G is for go go go. “I think like many people, I didn’t intend to be an English language teacher…I met someone who said, you can go to this place in London and do a four-week course, and at the end of four weeks you can get a job teaching almost anywhere”.”> This is how Jeremy Harmer started. And it is broadly still true, with the caveat that your options are a bit more restricted than the breezy days of the 1970’s. Still, what’s stopping you. Take your chances and go go go. There’s a lot of fun and mischief to be had.

H is for free housing.

It sounds great, it is great, but after a while you begin to see the big problem with it. After a while you realise how much of a hold your employers have over you. Enjoy the feeling of rent-free living and watch in awe as your bank balance quickly rises, but as and when the sh** hits the fan, be under no illusion, your situation can quickly deteriorate as the hidden mendacity of your employer becomes clear. By all means, enjoy rent-free living but do have a back-up plan. You may well need it.

I is for IELTS testers.

In my experience, most, though to be fair, not all, IELTS testers are failed EFL teachers. They just don’t possess those vital soft-skills like rapport, empathy or common decency, to be any good at EFL teaching. However, and by sheer good fortune, the absence of these qualities are the precise qualities needed to be the perfect IELTS tester. Can you talk exactly and without deviation from a script, test in, test out, without feeling, thought or concern for what you are doing? Check. Are you able not to make eye-contact, smile or show any human feelings whatsoever, whilst somebody speaks to you for two minutes, time after time after time? Check. Are you able to gloat, be happy, and even excited as you mark an answer incorrect, because the test-taker has failed to put the final ‘s’ on a plural answer? Check. If you answered check, check and check, you are either an IELTS tester now, or will be in the near future.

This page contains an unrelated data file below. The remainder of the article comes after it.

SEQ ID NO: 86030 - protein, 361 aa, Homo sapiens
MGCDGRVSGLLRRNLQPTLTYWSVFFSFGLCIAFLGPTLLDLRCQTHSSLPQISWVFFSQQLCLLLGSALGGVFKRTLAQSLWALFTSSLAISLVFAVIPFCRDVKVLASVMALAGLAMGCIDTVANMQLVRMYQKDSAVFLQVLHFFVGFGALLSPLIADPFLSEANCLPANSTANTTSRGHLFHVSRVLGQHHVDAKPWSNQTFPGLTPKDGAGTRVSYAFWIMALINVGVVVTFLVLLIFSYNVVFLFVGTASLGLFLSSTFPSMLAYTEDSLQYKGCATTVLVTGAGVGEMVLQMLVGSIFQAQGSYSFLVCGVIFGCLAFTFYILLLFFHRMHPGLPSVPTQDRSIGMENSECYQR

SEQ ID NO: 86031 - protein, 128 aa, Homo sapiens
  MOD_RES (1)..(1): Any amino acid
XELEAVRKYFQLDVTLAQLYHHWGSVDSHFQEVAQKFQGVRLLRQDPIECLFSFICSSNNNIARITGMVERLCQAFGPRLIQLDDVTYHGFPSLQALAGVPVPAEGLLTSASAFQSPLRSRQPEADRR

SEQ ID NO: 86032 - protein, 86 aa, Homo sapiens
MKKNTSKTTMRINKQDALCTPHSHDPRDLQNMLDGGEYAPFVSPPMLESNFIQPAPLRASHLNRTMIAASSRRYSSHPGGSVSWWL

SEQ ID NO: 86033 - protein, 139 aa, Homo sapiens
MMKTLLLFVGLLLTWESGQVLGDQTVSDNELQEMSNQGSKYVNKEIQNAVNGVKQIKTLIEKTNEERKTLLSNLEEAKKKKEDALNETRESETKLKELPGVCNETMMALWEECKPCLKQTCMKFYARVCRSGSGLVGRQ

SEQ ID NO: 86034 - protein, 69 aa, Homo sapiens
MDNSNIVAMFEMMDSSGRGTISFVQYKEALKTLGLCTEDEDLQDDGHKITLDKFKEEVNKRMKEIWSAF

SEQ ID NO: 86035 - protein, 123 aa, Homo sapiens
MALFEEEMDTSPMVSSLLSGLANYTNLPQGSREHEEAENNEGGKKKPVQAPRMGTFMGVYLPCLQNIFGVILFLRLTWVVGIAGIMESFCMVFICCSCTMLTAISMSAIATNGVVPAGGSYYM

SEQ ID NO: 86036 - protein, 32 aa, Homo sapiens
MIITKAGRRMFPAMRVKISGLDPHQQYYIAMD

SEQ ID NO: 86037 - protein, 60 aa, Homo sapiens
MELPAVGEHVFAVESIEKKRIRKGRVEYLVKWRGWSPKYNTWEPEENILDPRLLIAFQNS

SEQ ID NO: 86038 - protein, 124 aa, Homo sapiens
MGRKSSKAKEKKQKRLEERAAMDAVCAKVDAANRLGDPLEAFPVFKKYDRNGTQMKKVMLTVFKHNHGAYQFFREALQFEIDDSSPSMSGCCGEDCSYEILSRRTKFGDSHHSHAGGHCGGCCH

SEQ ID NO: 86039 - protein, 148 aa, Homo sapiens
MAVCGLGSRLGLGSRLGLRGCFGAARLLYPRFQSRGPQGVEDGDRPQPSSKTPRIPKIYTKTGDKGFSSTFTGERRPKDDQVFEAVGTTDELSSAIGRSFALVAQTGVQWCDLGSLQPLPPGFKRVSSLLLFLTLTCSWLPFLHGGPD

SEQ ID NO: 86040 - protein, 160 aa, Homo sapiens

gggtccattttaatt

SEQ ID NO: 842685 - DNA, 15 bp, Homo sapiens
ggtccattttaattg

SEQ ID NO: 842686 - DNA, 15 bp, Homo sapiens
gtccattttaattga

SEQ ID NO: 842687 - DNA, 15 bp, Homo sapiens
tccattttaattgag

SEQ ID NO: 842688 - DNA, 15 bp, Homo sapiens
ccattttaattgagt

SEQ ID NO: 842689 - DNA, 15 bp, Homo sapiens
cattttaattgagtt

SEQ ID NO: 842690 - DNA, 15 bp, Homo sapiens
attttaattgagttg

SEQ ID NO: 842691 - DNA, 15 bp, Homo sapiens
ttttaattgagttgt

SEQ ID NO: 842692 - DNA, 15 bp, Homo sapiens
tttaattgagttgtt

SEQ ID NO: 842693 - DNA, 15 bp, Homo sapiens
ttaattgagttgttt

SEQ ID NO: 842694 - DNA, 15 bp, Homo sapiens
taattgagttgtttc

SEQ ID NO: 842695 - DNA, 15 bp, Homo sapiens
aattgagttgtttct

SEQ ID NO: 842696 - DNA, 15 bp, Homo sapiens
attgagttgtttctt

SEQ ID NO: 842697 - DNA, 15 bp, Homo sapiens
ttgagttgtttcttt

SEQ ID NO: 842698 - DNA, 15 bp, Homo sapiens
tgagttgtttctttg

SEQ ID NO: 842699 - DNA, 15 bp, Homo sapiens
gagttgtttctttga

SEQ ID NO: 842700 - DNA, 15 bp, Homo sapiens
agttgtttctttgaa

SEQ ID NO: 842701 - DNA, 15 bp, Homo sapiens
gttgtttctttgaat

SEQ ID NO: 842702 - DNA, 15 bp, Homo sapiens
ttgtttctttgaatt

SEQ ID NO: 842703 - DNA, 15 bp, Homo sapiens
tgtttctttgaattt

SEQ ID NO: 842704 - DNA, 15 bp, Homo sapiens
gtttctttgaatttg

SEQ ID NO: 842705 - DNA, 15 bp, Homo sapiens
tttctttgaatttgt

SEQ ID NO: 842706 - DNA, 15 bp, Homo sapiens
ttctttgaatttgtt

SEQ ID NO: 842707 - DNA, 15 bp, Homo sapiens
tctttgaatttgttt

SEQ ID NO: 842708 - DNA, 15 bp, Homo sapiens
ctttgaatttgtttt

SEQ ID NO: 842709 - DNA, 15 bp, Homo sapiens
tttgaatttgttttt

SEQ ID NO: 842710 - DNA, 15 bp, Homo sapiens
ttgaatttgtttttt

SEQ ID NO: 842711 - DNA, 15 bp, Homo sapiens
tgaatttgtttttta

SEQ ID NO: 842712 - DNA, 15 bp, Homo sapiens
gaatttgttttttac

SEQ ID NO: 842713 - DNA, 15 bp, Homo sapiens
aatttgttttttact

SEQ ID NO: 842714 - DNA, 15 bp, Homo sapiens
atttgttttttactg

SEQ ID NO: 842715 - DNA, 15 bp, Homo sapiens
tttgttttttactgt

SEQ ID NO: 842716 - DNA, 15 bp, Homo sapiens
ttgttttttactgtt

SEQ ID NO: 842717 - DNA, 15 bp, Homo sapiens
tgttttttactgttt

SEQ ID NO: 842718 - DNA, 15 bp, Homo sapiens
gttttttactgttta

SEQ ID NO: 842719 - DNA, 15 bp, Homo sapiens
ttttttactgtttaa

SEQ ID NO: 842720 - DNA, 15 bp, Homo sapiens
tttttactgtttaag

And you know what the kicker is right? Yup, for many boring and explicable reasons, IELTS pays much more, significantly more, than general English teaching. Unbelievable really. More pay for less skills. But wait, I hear you say, don’t you have to pass an IELTS examination test. Yes. Yes, you do. To become an IELTS examiner you must pass a training course which lasts for a mind-sapping four days! But don’t worry if you fail, you have four opportunities to pass this rigorous test!! It’s wondrous to behold the confidence passing this miniscule test gives to failed EFL teachers. Good for you guys (and the occasional female). Well done. Go on, let your hair down and have fun. Your reward? It appears to be a life of mundanity, mediocrity and boredom. Enjoy it. Many of you clearly deserve it.

K is for Korea.

Where oh where to begin. In an A – Z of EFL Asia, K for Korea must be included. But what to say and where to begin? Overall, I have extremely fond memories of my time there. I met some great people and had some great times. I also met some not so good people and had some not so good times. I guess that’s Korea. It’s an extreme and contradictory place to work, live and play. There doesn’t seem to be much compromise, and everything exists seemingly in a state of tension, difficulty and agitation. But I look upon my time there with tremendous appreciation. There is much that can and must be said about EFL Korea. Perhaps I’ll say it in a bespoke article.